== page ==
Our family’s two carols are: Angels We Have Heard On High and I Parthenos Simeron (On This Day the Virgin Gives Birth). I sing them so the children can hear them, and we spend some time learning the music together. Usually this is soothing, but we pause for another time if one of the children becomes overwhelmed. The simplicity of repeating two central songs helps to keep the overwhelm at bay. These songs become the theme songs for Advent and Christmas, another accessible way to experience the love of God.

Cozy Spots and Away Spaces

With the extra stimulation of preparing for Christmas comes a strong need for quiet time. We’re spending this Advent rearranging our children’s rooms so that each child has more quiet, cozy space. You’ve heard about hygge, the practice of intentional coziness in the winter months? It’s a major factor in happiness for families with autism, too.

For our family, this looks like: soft throws on the living room couches, repurposed crib mattresses under their IKEA mini loft beds for sensory caves, mermaid sequined weighted lap pads, mini flashlights, extra access to sheets for tent-making, living in their cotton pajamas most of the time, sensory bins out in the therapy room for easy access, yoga swings available in the kitchen, hammock available in the boys’ room, HABA tent in the girls’ room, soothing and visually beautiful paper crafts for quiet time, an abundance of lovely Advent books, reading aloud at the table, family tea times with baked goods, letting the little ones hide in their toy box (without the lid), clearing an area so that their foam chairs can be used as crash pads for jumping.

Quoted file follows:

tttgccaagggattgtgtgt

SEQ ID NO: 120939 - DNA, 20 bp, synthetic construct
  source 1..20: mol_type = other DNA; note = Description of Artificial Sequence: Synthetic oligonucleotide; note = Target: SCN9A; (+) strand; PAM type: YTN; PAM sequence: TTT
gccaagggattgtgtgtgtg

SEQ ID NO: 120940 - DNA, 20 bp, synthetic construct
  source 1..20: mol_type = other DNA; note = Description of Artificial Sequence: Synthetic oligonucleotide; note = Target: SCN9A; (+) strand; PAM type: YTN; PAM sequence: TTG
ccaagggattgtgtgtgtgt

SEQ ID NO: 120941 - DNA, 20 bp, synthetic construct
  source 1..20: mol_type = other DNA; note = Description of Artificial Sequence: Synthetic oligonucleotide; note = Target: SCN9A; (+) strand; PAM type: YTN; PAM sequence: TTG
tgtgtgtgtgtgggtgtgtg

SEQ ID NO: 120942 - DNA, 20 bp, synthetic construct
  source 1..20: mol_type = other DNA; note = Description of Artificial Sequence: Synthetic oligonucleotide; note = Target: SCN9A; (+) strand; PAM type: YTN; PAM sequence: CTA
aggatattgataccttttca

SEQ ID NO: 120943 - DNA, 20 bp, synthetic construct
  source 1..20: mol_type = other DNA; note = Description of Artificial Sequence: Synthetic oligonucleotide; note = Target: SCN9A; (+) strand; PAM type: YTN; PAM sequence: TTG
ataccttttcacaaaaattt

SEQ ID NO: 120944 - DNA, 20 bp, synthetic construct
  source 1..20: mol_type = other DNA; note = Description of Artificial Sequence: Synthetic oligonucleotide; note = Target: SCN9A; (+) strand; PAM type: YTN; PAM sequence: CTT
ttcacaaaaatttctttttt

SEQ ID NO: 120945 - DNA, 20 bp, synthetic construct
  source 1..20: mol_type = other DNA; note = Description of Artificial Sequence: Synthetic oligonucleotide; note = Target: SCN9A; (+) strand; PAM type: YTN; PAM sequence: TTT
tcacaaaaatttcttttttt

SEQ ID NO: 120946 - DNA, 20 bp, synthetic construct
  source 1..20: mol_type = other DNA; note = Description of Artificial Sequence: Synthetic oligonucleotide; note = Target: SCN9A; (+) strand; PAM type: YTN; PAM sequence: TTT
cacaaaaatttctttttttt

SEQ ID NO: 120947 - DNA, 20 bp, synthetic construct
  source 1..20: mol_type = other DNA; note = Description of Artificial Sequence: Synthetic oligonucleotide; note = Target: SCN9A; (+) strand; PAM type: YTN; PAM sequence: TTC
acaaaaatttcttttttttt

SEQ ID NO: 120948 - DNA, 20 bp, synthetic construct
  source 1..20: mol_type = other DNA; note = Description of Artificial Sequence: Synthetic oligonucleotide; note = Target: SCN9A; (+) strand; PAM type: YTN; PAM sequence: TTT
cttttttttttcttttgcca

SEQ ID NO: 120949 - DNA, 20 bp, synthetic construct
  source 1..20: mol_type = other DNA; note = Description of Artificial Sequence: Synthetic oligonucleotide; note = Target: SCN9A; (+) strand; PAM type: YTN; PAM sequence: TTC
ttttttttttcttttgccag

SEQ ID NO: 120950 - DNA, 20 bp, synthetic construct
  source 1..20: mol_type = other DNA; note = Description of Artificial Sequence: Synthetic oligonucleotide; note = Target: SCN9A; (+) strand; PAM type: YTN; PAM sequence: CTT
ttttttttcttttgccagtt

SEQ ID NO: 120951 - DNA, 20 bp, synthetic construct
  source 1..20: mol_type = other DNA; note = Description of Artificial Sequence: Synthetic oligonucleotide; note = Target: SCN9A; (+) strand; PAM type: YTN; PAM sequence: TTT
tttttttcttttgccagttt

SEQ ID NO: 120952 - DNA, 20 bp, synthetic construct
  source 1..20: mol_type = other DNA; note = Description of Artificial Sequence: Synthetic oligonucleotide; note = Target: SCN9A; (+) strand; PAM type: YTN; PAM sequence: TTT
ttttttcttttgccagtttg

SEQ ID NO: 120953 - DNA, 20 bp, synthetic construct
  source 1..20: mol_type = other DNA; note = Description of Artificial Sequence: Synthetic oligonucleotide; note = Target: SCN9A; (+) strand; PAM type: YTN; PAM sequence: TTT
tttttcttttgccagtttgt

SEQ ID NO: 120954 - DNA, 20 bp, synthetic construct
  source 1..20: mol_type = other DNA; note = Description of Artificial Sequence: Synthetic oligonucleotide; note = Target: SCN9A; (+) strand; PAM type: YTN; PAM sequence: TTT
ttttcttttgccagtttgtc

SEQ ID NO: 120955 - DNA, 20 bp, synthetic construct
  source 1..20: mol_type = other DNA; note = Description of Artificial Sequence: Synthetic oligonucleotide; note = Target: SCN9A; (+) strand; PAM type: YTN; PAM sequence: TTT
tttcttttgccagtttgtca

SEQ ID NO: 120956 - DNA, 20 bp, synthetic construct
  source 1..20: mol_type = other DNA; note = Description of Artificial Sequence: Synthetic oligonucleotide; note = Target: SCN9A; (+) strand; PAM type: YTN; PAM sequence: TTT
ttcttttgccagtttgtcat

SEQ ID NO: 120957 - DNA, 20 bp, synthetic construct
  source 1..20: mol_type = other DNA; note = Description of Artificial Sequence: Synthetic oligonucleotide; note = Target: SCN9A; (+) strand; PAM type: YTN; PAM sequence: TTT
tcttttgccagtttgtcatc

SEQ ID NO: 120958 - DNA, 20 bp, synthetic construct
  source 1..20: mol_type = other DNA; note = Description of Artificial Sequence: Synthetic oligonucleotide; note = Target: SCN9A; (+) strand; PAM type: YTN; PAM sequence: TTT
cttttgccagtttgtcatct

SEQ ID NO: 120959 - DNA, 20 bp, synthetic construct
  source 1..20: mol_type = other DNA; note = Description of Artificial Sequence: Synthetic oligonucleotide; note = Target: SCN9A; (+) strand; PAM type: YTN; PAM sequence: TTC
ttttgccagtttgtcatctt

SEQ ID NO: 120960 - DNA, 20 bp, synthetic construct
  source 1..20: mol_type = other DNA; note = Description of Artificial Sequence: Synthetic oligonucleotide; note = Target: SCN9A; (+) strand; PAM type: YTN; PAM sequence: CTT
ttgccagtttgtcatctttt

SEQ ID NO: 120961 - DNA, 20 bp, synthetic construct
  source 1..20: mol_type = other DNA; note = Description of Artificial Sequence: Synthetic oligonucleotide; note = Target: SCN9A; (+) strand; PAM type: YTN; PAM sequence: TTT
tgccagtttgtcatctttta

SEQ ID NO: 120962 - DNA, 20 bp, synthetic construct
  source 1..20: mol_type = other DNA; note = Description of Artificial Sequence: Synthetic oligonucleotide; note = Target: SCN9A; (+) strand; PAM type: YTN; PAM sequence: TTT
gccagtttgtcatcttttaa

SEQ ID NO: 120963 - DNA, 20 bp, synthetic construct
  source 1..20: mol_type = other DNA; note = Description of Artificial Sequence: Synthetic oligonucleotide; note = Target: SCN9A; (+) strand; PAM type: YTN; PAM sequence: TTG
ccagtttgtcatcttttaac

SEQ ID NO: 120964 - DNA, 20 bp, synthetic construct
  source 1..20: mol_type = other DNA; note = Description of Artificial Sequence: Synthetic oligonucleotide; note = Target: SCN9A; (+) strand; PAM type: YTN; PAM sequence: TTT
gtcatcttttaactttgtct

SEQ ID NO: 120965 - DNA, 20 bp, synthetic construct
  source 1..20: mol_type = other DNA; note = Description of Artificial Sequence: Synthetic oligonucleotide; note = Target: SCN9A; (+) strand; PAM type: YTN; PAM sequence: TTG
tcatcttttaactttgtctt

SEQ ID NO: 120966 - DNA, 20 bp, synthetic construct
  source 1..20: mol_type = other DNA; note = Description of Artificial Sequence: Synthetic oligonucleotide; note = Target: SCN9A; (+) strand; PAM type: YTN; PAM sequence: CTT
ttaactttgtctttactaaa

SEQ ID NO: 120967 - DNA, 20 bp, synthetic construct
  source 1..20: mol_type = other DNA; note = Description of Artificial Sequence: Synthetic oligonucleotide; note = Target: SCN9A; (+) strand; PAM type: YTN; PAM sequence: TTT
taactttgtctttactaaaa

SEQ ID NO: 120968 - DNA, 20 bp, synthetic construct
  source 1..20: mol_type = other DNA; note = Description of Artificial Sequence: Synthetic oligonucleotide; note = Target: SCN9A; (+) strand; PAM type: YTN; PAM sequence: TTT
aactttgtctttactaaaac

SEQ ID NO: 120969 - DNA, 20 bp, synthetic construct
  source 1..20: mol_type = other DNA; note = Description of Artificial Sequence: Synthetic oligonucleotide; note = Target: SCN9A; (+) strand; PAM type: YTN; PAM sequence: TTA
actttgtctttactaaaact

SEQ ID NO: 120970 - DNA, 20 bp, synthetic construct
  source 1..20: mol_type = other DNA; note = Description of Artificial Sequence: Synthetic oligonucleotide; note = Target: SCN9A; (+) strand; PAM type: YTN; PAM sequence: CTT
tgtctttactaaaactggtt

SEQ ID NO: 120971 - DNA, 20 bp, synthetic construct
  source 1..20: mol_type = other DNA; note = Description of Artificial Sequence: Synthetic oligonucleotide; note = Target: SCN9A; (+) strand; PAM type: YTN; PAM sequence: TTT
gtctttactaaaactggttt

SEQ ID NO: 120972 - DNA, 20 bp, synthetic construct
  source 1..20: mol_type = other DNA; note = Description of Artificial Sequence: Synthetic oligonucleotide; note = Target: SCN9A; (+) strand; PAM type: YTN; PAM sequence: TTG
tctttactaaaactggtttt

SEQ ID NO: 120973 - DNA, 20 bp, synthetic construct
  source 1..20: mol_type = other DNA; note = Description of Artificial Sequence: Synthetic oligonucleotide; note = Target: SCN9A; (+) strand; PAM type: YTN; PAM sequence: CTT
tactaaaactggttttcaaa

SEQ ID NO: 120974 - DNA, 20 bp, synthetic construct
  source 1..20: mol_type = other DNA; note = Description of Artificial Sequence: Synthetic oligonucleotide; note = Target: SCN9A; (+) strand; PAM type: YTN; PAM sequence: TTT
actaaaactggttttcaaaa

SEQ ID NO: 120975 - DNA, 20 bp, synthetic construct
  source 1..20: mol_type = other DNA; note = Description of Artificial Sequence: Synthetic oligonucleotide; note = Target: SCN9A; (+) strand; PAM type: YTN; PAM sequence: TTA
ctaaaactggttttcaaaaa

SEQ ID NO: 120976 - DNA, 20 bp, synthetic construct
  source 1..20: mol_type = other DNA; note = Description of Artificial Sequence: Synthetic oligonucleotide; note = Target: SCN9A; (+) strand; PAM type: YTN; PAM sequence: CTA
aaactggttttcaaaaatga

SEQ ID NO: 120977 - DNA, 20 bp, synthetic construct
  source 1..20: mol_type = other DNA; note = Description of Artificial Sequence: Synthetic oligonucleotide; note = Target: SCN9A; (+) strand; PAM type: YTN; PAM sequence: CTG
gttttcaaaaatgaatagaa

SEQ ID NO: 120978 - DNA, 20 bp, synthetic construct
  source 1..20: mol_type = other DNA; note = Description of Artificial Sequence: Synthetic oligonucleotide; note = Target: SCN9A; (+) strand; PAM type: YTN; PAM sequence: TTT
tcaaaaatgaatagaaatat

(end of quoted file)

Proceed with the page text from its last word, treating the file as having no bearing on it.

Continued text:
Survival Kits